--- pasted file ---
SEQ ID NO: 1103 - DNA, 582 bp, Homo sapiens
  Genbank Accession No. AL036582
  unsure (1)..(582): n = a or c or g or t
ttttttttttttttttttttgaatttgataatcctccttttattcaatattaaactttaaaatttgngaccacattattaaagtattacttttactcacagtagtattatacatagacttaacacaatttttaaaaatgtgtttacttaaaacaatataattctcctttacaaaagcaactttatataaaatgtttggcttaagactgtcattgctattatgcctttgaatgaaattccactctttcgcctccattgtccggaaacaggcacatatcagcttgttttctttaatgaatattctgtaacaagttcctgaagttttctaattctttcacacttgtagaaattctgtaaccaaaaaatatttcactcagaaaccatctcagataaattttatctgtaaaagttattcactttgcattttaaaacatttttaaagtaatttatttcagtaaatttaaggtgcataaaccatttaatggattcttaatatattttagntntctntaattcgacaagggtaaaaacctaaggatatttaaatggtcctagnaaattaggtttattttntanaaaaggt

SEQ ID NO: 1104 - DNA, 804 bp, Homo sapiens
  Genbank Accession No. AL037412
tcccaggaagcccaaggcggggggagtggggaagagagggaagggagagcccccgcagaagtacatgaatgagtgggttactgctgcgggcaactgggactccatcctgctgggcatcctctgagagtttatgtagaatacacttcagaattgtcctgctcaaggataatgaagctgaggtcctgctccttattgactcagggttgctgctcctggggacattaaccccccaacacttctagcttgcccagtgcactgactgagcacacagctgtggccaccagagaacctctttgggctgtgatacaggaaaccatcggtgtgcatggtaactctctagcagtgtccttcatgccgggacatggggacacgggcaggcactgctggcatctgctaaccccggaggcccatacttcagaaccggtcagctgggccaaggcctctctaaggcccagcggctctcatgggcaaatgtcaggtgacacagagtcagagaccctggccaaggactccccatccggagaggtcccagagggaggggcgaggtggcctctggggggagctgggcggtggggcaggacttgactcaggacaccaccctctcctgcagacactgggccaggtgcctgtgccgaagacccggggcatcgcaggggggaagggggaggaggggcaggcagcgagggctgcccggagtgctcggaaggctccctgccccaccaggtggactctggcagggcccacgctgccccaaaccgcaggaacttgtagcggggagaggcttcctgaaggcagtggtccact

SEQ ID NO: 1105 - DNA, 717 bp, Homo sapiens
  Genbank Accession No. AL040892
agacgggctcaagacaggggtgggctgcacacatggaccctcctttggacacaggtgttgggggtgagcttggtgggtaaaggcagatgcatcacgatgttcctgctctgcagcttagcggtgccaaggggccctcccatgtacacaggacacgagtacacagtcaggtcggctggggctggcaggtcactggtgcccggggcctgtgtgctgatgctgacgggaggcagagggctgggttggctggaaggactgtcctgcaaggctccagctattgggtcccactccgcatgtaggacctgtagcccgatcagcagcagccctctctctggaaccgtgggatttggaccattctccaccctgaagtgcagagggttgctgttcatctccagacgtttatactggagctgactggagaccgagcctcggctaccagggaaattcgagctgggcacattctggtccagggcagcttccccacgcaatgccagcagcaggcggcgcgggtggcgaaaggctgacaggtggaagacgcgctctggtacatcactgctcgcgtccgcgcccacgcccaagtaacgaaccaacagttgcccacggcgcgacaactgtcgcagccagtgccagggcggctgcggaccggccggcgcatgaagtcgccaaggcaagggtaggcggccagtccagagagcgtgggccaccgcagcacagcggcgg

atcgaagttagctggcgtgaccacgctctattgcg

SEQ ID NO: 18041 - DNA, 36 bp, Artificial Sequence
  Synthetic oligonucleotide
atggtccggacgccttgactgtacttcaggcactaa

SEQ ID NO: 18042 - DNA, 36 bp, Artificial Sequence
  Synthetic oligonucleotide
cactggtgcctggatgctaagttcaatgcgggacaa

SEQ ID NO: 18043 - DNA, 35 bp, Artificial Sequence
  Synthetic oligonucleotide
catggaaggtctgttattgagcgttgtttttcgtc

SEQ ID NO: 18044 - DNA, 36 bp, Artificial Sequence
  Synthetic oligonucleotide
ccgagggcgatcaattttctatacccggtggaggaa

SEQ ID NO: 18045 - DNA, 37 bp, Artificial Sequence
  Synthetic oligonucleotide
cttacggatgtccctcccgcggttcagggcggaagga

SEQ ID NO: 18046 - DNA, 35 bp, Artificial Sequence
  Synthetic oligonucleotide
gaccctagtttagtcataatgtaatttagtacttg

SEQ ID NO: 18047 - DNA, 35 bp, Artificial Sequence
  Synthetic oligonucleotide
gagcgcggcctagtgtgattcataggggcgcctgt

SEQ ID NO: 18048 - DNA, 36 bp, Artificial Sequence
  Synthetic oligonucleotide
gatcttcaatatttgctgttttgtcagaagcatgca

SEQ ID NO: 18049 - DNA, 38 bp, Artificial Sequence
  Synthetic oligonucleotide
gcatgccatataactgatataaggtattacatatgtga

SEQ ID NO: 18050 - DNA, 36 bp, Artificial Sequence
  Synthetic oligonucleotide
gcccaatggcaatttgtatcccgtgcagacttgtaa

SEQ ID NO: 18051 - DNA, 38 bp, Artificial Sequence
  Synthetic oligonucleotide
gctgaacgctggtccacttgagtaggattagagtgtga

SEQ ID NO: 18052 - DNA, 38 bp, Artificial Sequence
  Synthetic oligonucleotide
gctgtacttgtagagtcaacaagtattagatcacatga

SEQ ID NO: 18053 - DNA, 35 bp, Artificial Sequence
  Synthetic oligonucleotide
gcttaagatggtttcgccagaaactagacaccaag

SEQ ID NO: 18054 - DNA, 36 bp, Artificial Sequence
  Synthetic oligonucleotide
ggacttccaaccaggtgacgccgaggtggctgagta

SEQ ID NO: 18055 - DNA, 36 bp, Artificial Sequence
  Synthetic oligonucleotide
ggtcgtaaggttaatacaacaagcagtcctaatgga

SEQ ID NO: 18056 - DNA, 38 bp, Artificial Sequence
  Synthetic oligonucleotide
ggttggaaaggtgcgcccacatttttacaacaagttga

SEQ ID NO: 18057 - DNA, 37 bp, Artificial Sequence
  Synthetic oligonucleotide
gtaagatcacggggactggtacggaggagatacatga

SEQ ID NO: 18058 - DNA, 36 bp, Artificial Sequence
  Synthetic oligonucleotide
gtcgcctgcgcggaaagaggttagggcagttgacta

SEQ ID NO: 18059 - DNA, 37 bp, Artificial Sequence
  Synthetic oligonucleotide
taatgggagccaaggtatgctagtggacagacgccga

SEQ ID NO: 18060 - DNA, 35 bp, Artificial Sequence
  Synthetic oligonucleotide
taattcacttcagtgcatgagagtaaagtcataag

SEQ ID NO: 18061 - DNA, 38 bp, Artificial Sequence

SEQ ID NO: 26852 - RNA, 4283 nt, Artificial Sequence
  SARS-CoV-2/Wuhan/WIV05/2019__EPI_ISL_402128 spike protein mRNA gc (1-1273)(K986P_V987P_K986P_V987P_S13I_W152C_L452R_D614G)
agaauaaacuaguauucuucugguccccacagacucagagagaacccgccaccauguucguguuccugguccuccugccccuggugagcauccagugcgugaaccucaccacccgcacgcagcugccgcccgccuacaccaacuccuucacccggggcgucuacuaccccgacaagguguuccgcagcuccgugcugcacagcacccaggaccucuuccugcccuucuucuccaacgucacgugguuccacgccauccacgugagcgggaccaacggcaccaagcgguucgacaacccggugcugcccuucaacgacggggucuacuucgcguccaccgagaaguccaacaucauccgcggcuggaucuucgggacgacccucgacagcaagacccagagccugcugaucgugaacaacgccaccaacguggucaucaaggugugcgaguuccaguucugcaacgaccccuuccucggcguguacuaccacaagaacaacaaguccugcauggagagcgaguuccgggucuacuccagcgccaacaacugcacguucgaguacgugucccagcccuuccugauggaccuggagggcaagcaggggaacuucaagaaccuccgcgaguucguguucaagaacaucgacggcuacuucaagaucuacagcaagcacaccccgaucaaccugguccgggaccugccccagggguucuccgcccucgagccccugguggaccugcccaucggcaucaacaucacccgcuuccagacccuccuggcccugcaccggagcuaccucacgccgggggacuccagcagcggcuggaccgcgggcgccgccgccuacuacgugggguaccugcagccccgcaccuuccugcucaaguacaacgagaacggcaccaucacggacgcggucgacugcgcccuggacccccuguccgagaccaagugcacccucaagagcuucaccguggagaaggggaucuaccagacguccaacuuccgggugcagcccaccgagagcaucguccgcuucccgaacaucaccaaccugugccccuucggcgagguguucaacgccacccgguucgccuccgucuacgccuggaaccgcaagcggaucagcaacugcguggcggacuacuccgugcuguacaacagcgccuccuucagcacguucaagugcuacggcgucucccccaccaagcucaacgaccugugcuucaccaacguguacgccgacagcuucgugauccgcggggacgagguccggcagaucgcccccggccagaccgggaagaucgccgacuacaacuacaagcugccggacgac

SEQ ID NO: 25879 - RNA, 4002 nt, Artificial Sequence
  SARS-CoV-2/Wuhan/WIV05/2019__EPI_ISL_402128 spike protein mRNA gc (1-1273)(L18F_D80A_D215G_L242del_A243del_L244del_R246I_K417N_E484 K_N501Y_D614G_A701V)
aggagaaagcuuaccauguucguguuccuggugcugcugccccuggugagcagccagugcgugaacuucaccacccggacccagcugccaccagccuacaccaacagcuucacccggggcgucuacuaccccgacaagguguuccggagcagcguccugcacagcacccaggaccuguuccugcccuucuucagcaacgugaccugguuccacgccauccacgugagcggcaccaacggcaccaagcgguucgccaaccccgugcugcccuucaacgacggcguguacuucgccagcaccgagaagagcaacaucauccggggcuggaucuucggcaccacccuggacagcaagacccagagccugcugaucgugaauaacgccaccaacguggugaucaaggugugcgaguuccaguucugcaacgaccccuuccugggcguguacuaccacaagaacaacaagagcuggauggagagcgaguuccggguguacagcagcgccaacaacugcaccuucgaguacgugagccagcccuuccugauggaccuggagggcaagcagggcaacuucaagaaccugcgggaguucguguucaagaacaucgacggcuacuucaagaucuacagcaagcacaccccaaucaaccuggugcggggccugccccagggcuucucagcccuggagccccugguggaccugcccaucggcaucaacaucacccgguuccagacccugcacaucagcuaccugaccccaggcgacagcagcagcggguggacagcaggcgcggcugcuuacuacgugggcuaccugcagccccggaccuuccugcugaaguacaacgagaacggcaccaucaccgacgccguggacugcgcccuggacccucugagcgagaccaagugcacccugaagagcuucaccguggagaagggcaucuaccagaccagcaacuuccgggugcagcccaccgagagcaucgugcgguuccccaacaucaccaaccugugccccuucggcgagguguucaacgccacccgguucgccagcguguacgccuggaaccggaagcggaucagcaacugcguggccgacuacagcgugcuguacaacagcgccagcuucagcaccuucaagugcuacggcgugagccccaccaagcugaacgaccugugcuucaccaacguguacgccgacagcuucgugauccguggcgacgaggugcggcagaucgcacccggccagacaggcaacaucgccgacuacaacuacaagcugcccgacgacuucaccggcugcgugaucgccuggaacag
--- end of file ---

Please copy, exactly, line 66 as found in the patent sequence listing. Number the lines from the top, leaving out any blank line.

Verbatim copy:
SEQ ID NO: 18059 - DNA, 37 bp, Artificial Sequence